Country house, early C18, incorporating earlier Tudor building, outbuildings and walled garden. Finely coursed ironstone with limestone ashlar dressings and Swithland slate roofs. 2 storeyed with attics. A tablet in the church records that Reverend Henry Palmer, d. 1856, extensively restored the house, and so presumably much of the interior work is his. Two rooms have very richly worked plaster panelled ceilings, probably executed by Italian craftsmen.
In 1920 the hall and estate were bought by Lord Michelham of Hellingby and, in 1940 by an industrialist, Gustav Sonderman of Sheffield. From September 1940 to May 1946 it was used by the Red Cross as a convalescent home for wounded servicemen. In 1954 it passed to a daughter, married to Fritz Eske, who demolished it and built the present smaller hall which now belongs to the Wilkinson family.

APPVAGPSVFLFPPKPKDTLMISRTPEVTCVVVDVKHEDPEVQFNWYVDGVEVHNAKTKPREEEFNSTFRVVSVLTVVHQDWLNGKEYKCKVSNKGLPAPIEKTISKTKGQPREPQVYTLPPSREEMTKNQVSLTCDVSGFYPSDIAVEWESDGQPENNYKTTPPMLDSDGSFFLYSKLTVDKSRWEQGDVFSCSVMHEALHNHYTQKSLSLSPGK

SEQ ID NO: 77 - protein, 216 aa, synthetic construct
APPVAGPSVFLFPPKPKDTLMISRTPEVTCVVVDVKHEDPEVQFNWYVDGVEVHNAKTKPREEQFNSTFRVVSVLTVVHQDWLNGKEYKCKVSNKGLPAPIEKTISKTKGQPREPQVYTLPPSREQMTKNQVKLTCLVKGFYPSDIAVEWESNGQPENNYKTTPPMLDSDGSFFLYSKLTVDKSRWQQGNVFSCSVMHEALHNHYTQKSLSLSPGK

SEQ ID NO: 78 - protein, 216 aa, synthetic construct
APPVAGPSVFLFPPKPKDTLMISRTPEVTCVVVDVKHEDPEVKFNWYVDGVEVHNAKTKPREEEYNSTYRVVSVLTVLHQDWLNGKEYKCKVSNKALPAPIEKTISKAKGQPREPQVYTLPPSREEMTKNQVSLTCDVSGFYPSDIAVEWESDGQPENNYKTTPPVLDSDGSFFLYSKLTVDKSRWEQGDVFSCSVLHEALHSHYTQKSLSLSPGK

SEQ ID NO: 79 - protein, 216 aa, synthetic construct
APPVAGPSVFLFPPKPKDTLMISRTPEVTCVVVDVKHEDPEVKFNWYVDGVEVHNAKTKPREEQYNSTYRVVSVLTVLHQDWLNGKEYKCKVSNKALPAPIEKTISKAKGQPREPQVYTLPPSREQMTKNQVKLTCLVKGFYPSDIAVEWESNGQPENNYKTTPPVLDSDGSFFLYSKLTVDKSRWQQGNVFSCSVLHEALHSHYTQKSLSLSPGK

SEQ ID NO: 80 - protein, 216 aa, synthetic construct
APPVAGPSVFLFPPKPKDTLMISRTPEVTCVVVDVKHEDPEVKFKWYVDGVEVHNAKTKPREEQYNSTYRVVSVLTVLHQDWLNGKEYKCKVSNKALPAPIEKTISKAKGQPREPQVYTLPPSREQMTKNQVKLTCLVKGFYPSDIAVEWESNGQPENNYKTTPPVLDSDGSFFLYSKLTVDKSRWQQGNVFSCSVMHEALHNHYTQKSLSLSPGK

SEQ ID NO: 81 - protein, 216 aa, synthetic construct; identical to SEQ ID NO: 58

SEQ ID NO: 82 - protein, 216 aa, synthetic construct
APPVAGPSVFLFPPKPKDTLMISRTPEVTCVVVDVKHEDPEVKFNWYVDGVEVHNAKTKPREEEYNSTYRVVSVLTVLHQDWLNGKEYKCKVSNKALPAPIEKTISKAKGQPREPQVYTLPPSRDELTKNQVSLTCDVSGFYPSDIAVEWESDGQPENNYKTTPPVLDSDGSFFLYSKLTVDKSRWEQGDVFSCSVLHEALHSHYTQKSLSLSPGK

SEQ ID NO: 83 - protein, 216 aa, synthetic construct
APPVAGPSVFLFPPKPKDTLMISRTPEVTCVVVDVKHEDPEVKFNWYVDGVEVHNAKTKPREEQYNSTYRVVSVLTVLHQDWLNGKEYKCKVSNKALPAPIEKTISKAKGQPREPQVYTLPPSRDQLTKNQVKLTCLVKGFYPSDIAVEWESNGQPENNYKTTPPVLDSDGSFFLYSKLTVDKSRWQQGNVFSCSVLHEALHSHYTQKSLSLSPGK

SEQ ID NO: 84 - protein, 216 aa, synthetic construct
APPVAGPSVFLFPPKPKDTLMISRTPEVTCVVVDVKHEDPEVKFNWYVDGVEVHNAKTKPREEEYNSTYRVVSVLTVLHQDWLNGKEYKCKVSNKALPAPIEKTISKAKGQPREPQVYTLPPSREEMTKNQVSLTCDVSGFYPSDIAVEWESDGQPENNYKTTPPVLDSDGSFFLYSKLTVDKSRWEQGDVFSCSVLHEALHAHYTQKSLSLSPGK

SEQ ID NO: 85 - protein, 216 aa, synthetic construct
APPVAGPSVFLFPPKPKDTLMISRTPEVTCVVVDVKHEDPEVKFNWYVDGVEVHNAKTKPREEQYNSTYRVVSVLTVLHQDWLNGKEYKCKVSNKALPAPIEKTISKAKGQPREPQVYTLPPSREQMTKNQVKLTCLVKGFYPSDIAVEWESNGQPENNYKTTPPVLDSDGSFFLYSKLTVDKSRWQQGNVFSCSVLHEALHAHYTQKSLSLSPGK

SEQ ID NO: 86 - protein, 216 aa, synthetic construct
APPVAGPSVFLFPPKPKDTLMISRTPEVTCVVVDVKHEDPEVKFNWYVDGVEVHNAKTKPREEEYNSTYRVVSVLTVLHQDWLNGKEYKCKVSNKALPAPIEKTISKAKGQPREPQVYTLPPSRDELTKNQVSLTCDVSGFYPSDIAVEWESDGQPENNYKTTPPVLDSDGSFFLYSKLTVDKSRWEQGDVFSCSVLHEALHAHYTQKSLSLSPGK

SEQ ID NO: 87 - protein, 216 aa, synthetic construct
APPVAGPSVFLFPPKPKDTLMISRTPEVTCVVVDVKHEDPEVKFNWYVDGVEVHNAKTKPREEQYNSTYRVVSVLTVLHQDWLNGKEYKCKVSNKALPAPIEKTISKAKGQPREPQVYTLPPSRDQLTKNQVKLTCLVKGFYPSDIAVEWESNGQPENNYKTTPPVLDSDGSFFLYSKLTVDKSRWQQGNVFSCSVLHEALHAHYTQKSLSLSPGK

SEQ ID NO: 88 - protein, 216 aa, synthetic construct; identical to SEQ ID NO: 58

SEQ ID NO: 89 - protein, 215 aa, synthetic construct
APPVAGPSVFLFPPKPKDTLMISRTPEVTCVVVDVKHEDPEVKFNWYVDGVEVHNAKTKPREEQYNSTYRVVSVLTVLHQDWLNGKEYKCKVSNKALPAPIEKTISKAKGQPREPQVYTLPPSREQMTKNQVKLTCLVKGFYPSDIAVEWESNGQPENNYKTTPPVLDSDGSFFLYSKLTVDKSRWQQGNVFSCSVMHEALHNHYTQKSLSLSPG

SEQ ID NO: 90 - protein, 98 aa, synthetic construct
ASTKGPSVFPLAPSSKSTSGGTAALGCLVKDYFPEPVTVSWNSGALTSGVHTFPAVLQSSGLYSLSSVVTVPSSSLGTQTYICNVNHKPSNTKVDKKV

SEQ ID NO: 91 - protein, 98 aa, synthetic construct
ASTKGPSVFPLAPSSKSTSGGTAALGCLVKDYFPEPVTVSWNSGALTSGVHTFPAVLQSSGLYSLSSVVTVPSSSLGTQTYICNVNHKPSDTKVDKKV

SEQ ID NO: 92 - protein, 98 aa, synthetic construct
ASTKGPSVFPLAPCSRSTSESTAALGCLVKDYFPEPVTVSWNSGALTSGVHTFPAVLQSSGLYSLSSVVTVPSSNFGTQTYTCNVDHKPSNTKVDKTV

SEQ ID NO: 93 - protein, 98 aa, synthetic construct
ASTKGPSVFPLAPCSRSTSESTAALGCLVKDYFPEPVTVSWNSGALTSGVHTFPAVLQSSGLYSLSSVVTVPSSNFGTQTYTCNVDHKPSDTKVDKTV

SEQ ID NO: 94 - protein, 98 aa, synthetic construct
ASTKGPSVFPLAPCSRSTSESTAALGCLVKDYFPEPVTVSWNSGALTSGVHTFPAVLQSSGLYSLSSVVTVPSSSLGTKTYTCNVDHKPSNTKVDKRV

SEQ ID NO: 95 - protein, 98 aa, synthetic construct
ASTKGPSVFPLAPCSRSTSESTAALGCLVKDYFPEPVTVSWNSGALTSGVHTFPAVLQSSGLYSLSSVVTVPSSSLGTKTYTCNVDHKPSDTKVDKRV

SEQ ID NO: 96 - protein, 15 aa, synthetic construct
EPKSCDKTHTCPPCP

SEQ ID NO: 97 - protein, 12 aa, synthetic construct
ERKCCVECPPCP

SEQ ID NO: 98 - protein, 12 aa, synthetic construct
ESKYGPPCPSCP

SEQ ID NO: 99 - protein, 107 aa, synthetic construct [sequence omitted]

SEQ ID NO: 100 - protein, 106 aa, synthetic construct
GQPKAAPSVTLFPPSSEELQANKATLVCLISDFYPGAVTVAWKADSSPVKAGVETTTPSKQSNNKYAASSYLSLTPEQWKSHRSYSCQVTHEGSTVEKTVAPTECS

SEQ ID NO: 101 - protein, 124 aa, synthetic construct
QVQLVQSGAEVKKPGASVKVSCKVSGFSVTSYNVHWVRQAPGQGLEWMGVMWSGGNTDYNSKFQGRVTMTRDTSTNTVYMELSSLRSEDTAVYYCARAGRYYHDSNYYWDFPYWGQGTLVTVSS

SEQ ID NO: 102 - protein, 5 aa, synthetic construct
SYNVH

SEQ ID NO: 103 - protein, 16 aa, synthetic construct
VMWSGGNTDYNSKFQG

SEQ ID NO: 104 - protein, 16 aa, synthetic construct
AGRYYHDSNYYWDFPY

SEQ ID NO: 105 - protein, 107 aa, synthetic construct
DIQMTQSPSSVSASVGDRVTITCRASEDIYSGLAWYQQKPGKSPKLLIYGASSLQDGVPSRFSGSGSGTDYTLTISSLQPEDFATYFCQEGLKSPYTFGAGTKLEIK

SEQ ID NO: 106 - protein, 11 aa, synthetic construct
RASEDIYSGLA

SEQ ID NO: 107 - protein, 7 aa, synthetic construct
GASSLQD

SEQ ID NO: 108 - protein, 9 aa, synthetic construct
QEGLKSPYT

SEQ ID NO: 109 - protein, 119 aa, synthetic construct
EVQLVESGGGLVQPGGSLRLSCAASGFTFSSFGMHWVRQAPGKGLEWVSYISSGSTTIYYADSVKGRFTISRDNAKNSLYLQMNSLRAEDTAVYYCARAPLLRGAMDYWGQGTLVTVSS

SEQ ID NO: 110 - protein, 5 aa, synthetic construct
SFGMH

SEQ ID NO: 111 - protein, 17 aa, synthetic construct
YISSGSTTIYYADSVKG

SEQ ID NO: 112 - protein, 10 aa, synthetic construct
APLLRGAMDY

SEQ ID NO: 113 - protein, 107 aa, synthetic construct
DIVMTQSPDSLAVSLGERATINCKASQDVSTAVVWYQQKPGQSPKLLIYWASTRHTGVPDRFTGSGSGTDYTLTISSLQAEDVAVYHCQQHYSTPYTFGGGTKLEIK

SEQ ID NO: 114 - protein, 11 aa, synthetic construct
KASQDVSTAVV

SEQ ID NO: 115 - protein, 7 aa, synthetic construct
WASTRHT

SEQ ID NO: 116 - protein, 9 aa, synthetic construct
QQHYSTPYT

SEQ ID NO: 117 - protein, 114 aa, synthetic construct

Husbands Bosworth Hall consists of two houses, the Old Hall and a newer Georgian-style hall, situated on Theddingworth Road, Husbands Bosworth, Leicestershire. The Old Hall, originally constructed in Norman times, was substantially renovated in the 16th century as a west facing country house. The new and additional Georgian hall was then built facing south west, adjoining the older house, in about 1790. In about 1870 a Victorian Gothic wing was created to link the two buildings. The whole is a Grade II* listed building.
Saddington Hall, opposite the Manor House, is a large square-planned house of two stories and attics and three distinct building periods. The earliest, dated 1679, is ironstone and brick; A gable-end wall dated 1682 is a patchwork of limestone and cobbles. A brick pavilion of late 18th-century origin adjoins the gable.
Skeffington Hall is a 15th-century Manor House which stands in parkland off the main street of the village of Skeffington, Leicestershire, England. It is a Grade II* listed building and is privately owned.